Spokane Journal of Business

Icons 2022: Hollister-Stier’s Anthony Bonanzino

Bonanzino instills respect within corporate culture

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-—Mike McLean
Tony Bonanzino helped his son, Anthony Thomas Bonanzino, start a records-storage company following his retirement.

Tony Bonanzino, former president, CEO, and part owner of pharmaceutical manufacturer Hollister-Stier Laboratories LLC, now Jubilant HollisterStier, has been a constant role model in life and business for people around him.

Being a leader in business, education, and civic organizations, he could pack a lot into a day and still make time to attend family activities, says Brittanie Bonanzino, a senior communications and public relations strategist at Washington Trust Bank, who nominated her father-in-law for the Icons recognition.

“Even when he was so busy, he was always finding times to coach soccer teams and keep up family connections, making sure that was the center of his life,” she says. “He’s always there for us.”

Now 70, Anthony Bonanzino is retired from most business activities and is enjoying life with Marylou, his wife of nearly 50 years, while his son Anthony Thomas Bonanzino and daughter Stephanie Bonanzino and his three grandchildren live close by.

There were a few stages of his life, however, when his journey could have gone other directions.

For example, his father died when Bonanzino was 7 and living in Connecticut.

“Within a year, I was an out-of-control delinquent,” he says.

Bonanzino was expelled from a Catholic school in New Haven and was sent to a free school for fatherless boys in Philadelphia. “That’s where I lived through high school.”

He credits the school with instilling in him self-discipline, accountability, and respect for everyone.

After a short stint in the U.S. Air Force, Bonanzino earned a bachelor’s degree in biology from Southern Connecticut State University. He also earned a master’s degree in operational management from Hartford Graduate Center.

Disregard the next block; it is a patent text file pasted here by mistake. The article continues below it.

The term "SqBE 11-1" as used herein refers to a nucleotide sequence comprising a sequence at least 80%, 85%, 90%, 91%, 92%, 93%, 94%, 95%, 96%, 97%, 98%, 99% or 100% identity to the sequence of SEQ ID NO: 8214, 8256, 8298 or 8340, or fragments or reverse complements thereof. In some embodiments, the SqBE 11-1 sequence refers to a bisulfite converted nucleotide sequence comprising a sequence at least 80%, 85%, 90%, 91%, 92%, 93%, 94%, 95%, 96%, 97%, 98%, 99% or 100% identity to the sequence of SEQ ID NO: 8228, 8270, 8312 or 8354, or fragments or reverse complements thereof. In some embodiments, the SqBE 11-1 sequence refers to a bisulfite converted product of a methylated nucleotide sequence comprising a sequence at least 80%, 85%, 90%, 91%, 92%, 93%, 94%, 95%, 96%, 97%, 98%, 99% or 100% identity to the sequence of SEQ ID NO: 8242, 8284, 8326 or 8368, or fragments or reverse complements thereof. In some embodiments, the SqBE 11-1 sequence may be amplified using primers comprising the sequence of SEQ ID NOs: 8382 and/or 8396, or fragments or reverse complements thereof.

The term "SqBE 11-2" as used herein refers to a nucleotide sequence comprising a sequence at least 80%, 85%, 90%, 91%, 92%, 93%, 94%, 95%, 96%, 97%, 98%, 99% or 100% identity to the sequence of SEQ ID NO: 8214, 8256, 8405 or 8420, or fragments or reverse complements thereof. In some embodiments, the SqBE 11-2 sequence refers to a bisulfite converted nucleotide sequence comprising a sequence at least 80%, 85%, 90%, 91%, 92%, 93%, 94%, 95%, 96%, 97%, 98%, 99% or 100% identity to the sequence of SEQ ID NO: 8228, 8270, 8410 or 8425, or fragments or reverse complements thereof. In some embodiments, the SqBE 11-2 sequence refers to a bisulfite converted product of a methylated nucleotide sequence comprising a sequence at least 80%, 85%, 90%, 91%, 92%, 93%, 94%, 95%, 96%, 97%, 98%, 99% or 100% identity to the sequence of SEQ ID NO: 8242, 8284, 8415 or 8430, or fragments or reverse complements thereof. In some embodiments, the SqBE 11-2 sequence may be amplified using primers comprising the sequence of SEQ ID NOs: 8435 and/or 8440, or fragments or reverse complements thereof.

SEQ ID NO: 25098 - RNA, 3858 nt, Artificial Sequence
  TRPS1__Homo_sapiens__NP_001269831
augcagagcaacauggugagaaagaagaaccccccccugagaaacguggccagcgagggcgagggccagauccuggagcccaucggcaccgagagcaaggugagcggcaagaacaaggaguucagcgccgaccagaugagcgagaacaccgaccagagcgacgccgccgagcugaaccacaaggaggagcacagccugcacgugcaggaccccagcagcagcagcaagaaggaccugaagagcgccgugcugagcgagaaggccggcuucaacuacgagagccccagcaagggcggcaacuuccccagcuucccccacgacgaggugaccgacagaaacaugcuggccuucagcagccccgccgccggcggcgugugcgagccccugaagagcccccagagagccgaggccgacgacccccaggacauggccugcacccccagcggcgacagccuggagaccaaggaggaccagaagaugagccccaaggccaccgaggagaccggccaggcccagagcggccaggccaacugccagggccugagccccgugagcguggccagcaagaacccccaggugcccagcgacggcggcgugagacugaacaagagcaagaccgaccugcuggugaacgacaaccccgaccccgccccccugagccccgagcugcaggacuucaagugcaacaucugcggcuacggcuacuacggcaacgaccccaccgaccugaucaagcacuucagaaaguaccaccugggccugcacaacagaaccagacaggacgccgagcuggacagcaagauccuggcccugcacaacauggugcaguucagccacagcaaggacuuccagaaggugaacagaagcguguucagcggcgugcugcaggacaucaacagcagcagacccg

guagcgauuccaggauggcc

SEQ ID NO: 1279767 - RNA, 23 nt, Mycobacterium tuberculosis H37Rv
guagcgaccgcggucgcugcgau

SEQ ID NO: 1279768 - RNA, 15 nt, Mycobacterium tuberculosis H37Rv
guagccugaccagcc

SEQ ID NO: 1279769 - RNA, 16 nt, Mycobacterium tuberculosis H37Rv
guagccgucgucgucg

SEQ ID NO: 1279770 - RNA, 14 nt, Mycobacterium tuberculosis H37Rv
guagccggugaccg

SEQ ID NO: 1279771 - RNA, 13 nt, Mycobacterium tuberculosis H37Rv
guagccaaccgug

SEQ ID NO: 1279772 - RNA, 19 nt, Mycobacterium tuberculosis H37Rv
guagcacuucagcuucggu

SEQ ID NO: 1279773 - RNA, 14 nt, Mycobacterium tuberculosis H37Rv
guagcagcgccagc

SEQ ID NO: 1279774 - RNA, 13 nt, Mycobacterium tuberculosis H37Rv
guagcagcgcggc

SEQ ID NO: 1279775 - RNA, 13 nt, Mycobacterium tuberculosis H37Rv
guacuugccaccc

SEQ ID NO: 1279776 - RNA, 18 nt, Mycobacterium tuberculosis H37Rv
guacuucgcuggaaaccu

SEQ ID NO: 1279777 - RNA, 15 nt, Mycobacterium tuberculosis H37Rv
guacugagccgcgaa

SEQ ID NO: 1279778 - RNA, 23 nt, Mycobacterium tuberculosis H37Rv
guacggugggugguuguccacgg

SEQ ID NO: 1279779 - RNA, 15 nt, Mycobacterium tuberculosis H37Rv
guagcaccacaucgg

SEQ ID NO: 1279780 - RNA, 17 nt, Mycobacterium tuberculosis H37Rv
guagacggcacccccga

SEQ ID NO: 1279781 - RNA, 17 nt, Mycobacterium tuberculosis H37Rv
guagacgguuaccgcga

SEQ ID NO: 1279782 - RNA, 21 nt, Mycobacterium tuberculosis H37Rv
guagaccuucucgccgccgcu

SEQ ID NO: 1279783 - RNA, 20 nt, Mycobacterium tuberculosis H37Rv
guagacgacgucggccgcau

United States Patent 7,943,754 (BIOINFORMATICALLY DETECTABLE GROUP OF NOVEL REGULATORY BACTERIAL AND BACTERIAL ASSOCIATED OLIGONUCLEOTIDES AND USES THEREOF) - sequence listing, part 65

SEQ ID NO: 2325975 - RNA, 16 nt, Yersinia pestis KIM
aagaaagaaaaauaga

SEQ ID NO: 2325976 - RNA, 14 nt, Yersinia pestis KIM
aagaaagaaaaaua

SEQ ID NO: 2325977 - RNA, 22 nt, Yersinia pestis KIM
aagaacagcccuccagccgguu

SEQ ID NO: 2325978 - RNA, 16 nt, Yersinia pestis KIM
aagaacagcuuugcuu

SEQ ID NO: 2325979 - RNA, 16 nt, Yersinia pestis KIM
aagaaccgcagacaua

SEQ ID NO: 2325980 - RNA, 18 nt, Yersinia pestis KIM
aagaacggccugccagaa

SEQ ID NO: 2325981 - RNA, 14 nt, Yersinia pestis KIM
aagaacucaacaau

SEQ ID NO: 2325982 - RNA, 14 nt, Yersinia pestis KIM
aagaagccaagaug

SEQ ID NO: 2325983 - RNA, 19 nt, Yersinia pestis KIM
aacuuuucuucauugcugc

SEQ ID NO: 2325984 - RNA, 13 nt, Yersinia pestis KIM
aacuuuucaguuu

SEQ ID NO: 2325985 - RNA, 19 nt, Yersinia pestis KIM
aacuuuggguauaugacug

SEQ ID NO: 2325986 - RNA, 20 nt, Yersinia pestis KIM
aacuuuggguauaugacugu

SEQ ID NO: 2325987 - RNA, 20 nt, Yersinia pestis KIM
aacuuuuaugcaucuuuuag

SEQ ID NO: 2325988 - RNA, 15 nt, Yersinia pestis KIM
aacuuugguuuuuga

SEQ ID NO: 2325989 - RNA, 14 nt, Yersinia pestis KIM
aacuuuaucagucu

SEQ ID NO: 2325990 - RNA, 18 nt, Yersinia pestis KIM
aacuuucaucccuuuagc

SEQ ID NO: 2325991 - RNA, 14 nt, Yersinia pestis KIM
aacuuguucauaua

Bonanzino was married and working for Miles Laboratories Inc., in New Haven Connecticut, when that company was acquired by German pharmaceutical giant Bayer Corp.

He wasn’t enamored with Bayer’s top-down corporate management style when the company sent him to Spokane in 1990 to oversee production of a new product at its Hollister-Stier subsidiary. And he might not have warmed up to Spokane, were it not an invitation from the Rev. Bernard Coughlan to dinner and a basketball game.

“It moved me and began a love affair with Gonzaga University,” he says. “We became very close friends, and Father Coughlan was somewhat of a mentor.”

Other mentors at Gonzaga included the Revs. Patrick Ford and Robert Spitzer.

Along the way, Bonanzino began teaching business courses in leadership at Whitworth University and Gonzaga, he also took courses as a graduate student at Gonzaga, eventually earning a doctorate in leadership studies.

At Gonzaga, he honed leadership concepts shaped by Spitzer, who was then president of Gonzaga.

“Father Spitzer had what I called the Spitzerian philosophy,” Bonanzino says.

Bonanzino modified it into a list of five main tenets he named “Commitments of a Great Company.”